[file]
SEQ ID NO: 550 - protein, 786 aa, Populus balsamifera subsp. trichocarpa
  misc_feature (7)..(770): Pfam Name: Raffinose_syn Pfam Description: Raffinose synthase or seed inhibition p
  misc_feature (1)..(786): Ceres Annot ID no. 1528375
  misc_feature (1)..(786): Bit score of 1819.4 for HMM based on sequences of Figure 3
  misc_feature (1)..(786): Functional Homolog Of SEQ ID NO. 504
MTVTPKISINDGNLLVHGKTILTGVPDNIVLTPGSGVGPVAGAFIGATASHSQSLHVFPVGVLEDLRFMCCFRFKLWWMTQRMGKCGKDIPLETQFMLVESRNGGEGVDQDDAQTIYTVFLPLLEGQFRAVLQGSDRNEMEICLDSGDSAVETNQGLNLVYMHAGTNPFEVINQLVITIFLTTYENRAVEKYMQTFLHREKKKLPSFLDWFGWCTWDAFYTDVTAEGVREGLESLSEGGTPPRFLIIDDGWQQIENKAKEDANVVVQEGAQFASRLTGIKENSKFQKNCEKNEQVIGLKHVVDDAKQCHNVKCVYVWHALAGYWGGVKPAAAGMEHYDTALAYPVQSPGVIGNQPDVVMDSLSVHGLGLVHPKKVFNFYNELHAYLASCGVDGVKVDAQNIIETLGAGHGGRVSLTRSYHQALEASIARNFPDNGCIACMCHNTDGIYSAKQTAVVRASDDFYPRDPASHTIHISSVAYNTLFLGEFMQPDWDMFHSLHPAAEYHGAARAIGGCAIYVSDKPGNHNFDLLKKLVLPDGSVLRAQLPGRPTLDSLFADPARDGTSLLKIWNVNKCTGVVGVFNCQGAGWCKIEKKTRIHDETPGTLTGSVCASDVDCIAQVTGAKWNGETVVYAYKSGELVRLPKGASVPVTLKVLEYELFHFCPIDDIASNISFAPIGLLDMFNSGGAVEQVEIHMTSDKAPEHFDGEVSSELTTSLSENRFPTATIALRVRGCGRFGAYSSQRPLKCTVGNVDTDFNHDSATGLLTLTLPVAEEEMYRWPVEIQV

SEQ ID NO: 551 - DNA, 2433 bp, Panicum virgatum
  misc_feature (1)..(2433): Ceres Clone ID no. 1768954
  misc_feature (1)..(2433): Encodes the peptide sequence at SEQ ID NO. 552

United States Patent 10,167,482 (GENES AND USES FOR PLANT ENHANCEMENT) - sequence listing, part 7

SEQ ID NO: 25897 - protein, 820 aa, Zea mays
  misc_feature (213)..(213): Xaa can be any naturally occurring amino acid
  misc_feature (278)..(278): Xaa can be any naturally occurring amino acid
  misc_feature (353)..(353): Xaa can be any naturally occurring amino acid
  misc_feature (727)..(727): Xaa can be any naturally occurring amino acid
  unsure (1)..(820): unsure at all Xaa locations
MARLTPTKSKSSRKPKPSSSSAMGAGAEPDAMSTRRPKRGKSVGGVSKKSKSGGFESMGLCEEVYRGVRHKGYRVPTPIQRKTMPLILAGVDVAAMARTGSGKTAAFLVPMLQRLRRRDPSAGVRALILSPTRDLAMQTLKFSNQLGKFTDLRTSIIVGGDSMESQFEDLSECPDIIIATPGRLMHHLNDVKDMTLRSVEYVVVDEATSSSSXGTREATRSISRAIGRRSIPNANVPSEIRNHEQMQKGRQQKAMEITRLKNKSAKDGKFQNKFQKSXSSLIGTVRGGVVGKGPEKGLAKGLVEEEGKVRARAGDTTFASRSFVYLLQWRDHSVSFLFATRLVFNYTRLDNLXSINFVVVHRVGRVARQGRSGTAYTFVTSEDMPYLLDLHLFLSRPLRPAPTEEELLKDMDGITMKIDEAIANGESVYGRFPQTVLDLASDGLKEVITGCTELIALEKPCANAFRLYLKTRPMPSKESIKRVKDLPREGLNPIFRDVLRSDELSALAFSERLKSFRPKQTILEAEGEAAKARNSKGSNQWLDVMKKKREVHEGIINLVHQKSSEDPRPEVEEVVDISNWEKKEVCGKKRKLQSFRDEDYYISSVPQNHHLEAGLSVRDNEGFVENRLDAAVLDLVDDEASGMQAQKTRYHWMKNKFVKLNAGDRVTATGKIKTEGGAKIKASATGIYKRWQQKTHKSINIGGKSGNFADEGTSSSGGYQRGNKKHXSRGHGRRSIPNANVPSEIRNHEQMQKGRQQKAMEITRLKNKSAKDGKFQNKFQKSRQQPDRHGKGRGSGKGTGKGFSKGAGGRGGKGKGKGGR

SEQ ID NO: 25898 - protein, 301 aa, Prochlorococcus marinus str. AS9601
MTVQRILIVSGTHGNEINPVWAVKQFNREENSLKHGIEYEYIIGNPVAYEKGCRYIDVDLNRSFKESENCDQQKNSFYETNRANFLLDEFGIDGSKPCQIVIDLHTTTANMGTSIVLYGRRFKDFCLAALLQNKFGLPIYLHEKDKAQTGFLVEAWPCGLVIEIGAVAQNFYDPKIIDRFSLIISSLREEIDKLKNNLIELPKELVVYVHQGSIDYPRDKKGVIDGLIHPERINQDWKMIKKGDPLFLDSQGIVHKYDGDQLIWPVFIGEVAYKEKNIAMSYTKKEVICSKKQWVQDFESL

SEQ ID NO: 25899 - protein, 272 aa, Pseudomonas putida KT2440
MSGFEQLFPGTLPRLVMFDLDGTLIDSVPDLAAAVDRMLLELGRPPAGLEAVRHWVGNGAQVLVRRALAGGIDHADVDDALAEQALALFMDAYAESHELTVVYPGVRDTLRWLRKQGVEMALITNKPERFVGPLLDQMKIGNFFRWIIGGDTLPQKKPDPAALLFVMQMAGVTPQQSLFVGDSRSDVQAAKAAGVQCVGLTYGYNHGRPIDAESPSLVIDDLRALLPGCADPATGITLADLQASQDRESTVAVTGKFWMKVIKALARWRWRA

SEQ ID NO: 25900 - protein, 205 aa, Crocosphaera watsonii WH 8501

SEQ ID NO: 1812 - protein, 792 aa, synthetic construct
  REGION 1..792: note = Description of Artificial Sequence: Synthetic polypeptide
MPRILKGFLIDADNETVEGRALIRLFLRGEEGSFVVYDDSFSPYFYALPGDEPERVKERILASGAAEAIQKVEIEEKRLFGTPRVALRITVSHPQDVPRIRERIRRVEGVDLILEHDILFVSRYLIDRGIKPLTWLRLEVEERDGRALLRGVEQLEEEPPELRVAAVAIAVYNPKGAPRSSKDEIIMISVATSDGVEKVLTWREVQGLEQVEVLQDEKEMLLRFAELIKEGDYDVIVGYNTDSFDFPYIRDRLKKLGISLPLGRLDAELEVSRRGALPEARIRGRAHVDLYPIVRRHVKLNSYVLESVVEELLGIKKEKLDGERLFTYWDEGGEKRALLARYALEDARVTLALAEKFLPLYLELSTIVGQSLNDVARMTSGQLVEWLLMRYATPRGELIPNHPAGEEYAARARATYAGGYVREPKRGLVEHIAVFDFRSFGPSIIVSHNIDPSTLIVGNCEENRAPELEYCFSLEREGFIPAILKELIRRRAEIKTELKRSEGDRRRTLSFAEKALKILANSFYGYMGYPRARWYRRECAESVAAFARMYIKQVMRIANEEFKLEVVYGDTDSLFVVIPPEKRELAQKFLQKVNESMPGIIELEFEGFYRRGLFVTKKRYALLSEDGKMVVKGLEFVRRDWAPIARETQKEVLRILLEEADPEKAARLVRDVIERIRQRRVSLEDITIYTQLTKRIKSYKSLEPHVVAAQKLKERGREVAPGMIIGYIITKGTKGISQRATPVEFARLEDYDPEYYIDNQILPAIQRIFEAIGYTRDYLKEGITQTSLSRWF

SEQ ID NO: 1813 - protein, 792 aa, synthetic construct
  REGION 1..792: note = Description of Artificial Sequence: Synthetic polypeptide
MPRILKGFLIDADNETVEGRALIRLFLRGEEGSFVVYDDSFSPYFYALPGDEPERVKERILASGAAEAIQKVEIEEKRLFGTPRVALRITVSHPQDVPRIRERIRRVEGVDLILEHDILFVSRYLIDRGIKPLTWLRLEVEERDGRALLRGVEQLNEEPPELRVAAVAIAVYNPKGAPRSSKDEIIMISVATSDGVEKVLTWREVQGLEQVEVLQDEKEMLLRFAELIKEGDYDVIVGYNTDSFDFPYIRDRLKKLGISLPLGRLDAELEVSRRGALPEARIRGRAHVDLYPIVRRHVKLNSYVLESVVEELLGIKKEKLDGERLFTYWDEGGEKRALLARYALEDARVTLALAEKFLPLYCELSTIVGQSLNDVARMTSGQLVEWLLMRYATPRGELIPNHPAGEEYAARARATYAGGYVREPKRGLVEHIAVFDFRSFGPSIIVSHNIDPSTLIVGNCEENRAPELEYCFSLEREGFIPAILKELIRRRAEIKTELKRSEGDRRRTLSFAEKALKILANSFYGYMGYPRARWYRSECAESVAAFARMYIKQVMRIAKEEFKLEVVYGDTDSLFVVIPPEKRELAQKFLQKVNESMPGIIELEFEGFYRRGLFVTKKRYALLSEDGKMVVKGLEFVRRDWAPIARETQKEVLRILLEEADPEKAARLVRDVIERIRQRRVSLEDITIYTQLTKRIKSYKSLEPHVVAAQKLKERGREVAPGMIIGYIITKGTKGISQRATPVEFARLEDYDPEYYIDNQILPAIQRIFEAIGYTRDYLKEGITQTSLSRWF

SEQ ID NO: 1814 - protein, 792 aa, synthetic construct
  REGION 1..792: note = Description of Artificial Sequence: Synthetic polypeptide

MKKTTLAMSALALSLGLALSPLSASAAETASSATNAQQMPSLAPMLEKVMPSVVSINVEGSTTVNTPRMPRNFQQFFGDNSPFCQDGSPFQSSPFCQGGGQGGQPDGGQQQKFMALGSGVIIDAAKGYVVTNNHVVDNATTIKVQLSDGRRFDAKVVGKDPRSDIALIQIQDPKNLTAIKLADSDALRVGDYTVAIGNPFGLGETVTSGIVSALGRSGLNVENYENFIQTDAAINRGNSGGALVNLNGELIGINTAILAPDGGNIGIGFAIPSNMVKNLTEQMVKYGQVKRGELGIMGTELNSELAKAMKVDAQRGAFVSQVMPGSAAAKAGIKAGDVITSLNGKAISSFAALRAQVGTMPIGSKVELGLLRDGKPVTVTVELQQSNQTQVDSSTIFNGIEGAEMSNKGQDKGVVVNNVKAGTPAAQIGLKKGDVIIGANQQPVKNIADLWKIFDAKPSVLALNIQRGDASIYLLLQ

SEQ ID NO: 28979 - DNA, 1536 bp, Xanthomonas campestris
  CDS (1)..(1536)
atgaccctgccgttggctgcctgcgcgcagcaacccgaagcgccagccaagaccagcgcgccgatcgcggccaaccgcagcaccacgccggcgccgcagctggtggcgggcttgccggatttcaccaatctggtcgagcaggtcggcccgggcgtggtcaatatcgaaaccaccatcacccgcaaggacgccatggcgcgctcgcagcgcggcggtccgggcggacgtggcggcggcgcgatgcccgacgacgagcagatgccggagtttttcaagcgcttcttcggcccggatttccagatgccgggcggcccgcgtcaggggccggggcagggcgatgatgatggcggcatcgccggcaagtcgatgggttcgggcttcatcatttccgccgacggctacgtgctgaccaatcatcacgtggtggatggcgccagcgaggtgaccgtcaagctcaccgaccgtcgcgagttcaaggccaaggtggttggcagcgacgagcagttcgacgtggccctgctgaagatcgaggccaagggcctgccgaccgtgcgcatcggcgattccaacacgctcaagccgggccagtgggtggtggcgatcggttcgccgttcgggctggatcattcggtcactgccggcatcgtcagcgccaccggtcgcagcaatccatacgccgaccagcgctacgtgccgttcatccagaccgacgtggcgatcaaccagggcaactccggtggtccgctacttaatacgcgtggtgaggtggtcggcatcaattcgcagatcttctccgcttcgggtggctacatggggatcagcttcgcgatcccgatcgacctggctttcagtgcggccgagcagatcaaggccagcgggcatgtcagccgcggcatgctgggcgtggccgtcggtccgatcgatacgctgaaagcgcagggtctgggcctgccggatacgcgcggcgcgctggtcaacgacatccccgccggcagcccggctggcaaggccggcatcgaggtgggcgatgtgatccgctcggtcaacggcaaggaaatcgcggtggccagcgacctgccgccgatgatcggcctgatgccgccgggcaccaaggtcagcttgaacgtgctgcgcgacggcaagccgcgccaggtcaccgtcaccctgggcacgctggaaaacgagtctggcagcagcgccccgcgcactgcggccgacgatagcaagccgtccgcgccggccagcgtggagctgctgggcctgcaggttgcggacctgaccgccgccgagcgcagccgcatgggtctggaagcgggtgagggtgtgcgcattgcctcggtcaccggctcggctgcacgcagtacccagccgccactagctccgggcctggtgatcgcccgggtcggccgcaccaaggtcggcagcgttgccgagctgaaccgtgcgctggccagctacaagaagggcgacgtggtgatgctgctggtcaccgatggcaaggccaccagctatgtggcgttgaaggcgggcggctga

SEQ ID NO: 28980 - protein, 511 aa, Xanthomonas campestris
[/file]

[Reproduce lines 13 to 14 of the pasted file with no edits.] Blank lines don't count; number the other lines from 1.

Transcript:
  misc_feature (278)..(278): Xaa can be any naturally occurring amino acid
  misc_feature (353)..(353): Xaa can be any naturally occurring amino acid